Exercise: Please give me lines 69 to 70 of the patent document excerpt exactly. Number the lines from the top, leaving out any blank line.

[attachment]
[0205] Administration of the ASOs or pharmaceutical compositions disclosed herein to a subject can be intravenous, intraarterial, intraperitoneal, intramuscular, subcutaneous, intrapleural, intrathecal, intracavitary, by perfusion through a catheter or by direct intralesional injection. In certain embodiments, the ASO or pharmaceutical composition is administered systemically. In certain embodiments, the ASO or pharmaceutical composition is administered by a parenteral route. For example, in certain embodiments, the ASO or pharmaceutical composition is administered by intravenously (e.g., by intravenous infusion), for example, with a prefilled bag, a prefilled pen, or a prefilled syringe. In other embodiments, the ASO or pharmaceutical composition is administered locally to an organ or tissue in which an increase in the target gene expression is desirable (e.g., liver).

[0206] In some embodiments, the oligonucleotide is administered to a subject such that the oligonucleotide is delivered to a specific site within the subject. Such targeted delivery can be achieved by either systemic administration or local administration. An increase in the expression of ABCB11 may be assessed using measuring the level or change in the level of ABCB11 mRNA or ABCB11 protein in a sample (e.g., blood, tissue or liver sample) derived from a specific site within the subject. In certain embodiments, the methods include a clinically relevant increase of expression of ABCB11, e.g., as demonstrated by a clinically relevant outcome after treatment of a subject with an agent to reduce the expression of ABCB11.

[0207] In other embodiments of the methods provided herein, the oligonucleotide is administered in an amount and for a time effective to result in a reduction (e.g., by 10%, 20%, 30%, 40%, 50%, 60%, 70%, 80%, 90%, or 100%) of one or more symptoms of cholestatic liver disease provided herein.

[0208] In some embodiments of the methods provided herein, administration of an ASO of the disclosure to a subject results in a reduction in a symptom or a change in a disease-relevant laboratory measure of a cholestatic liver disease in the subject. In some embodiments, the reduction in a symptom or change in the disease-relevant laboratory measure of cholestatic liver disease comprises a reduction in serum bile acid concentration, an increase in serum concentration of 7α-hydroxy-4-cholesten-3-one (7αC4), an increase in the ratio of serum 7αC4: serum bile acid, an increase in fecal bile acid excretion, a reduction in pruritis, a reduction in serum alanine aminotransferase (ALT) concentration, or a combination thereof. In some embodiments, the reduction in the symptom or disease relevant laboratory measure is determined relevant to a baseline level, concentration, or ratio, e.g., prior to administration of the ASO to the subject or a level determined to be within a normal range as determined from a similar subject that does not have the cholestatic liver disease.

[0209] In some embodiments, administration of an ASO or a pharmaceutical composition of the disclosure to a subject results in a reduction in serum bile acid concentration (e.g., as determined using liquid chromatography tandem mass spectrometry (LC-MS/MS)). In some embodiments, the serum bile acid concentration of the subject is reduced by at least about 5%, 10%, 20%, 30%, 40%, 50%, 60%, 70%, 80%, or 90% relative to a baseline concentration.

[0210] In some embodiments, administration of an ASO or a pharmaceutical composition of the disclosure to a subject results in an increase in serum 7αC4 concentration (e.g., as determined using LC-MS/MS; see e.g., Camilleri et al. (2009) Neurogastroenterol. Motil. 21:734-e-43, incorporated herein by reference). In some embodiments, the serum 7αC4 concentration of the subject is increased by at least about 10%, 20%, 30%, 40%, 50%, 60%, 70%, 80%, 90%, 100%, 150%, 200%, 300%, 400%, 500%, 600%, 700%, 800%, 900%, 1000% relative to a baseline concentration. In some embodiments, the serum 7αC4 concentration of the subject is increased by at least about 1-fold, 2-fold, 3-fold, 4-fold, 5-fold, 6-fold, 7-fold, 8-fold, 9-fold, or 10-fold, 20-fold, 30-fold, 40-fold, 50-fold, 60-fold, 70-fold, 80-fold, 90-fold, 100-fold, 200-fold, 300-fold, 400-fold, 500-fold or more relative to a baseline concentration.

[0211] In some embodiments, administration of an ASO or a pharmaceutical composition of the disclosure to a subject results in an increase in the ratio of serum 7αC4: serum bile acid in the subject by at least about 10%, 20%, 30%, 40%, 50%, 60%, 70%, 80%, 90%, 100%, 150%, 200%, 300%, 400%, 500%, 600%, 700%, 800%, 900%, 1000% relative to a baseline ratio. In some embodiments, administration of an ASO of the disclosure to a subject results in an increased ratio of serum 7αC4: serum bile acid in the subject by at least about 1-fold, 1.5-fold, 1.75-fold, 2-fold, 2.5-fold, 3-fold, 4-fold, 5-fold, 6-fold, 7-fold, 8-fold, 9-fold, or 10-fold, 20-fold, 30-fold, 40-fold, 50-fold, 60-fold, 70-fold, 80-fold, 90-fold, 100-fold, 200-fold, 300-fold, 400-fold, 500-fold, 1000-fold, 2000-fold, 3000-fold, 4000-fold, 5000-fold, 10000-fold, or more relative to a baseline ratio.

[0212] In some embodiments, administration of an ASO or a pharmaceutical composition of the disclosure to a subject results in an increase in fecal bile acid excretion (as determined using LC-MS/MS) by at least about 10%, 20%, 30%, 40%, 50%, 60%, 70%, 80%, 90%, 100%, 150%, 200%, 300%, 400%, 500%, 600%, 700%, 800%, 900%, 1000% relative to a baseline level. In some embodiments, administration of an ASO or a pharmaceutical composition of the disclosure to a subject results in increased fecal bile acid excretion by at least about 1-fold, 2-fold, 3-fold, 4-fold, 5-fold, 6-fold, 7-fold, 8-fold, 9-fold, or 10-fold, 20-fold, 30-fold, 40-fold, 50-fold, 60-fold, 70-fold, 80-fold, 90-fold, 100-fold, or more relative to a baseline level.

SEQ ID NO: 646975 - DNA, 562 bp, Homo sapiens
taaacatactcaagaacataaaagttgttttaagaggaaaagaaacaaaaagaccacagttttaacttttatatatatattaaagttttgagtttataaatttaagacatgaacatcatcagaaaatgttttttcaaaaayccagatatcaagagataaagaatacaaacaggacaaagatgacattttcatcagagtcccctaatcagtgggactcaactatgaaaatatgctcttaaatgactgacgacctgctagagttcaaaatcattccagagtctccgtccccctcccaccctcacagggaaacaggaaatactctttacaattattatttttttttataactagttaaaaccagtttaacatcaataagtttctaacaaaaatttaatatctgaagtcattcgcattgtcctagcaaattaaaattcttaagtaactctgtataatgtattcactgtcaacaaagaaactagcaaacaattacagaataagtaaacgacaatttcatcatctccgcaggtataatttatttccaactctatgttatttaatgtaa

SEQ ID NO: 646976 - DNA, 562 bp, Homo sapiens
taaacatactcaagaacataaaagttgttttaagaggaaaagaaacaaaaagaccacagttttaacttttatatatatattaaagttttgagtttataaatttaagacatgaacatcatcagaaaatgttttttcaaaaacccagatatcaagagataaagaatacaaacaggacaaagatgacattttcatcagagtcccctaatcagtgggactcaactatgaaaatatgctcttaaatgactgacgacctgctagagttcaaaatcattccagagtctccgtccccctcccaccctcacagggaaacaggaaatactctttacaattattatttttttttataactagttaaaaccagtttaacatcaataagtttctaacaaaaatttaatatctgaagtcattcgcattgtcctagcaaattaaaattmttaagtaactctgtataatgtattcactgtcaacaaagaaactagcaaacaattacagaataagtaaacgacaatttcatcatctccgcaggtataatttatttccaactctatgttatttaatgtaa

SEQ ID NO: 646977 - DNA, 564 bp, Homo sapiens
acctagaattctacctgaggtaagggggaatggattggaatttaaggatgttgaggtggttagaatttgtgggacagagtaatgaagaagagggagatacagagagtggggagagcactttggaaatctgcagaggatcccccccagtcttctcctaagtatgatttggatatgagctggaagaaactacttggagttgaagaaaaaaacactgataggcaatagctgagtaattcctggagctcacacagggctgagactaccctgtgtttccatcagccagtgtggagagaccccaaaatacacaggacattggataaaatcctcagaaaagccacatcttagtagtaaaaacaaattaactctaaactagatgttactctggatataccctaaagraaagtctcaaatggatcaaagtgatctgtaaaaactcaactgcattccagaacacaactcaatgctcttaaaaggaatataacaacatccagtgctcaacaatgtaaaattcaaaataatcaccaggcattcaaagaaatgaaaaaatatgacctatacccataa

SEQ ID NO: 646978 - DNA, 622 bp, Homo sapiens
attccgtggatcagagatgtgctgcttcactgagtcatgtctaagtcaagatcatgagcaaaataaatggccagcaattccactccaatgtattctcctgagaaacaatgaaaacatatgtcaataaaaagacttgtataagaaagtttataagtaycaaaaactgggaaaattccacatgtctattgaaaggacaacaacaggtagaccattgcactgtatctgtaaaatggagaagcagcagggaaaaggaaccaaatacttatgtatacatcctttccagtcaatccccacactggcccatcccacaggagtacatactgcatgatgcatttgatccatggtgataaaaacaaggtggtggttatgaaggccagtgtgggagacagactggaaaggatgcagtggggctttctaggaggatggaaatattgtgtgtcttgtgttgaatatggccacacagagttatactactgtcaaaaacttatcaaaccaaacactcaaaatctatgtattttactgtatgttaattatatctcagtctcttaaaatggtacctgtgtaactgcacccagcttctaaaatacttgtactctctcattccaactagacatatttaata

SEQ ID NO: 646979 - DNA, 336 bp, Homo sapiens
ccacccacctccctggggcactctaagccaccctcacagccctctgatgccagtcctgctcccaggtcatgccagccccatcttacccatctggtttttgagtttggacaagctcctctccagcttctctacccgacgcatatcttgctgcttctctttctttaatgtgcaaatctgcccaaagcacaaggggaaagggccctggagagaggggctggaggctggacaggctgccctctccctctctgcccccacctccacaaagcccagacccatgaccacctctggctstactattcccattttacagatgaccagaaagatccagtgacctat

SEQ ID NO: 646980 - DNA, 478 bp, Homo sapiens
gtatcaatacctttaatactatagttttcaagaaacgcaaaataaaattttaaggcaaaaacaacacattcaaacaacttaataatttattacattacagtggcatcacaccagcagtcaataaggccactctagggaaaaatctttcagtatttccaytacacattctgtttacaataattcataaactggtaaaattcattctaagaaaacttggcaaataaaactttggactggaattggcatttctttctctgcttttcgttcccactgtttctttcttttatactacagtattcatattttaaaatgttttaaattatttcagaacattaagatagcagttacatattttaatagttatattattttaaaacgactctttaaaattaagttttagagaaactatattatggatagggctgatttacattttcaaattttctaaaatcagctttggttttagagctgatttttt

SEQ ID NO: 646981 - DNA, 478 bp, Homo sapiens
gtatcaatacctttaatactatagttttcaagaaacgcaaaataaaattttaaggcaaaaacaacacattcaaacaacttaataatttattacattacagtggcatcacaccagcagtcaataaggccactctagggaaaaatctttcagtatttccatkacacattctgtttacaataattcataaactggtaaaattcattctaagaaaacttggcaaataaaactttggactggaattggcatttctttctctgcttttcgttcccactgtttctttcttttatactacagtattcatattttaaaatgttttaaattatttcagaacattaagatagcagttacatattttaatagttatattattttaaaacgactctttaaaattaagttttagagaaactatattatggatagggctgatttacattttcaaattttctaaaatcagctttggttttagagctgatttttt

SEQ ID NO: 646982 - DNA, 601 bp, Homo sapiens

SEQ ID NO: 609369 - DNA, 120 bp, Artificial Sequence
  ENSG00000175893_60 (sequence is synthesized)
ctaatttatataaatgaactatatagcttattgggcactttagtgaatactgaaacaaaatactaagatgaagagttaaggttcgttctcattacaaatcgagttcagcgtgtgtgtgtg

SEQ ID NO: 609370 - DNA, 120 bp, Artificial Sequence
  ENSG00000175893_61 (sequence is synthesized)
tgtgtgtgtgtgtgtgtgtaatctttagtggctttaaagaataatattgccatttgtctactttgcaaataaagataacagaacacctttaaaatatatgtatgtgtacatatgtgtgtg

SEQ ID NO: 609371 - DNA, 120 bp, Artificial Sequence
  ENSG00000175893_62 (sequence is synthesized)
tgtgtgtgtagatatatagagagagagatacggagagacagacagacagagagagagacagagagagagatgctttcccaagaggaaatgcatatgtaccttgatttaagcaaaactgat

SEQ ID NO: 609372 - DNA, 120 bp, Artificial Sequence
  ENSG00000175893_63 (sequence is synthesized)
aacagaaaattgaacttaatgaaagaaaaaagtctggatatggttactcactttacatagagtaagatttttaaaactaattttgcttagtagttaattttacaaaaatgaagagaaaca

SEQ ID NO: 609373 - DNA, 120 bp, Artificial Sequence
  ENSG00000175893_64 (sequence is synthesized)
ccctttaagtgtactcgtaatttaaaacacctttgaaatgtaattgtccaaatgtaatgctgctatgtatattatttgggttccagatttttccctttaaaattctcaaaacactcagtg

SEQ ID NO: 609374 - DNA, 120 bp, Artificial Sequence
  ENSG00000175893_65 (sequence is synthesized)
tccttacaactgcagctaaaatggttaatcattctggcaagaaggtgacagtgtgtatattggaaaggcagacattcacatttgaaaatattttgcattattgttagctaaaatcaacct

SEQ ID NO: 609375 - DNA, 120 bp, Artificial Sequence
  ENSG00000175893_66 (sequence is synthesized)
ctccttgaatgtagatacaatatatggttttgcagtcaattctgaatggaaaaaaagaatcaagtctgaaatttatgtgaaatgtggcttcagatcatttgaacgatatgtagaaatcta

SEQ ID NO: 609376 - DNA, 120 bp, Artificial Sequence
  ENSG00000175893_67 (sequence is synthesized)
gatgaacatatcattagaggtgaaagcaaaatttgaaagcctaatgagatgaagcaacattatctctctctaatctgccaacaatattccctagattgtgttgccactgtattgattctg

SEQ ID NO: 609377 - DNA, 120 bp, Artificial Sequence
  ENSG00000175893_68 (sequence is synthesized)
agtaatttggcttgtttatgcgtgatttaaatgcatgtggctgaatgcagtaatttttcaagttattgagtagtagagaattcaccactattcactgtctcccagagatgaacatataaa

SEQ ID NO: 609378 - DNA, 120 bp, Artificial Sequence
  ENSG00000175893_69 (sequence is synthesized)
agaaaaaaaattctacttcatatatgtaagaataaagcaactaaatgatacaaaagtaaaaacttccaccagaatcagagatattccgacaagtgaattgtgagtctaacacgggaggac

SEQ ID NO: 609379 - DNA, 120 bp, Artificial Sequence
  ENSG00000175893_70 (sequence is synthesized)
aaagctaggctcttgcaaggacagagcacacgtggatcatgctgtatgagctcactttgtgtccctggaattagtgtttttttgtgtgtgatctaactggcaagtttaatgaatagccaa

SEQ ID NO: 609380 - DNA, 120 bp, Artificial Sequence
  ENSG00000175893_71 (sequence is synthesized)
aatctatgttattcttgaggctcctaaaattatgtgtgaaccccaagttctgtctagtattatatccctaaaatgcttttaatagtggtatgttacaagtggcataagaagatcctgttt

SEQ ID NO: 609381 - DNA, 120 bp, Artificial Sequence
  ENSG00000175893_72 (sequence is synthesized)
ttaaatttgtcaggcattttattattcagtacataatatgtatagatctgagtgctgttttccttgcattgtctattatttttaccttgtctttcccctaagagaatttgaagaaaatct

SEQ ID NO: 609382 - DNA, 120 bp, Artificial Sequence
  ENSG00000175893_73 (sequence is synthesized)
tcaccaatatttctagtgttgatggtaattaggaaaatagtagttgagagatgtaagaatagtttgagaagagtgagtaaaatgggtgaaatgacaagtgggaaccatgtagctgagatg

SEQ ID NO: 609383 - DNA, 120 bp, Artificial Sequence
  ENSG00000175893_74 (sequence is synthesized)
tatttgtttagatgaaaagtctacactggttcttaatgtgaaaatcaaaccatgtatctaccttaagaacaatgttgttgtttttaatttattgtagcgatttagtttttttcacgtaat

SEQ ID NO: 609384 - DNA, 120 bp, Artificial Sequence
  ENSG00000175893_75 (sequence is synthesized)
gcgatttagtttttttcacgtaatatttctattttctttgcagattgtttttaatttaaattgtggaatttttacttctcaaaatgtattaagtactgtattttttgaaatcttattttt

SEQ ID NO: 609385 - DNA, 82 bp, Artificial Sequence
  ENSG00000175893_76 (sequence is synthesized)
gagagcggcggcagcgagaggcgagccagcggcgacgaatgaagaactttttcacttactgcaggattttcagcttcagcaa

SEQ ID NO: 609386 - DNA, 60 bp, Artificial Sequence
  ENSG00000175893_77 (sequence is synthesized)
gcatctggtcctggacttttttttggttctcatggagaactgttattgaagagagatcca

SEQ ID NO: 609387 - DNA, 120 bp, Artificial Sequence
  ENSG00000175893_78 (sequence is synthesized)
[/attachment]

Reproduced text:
SEQ ID NO: 609384 - DNA, 120 bp, Artificial Sequence
  ENSG00000175893_75 (sequence is synthesized)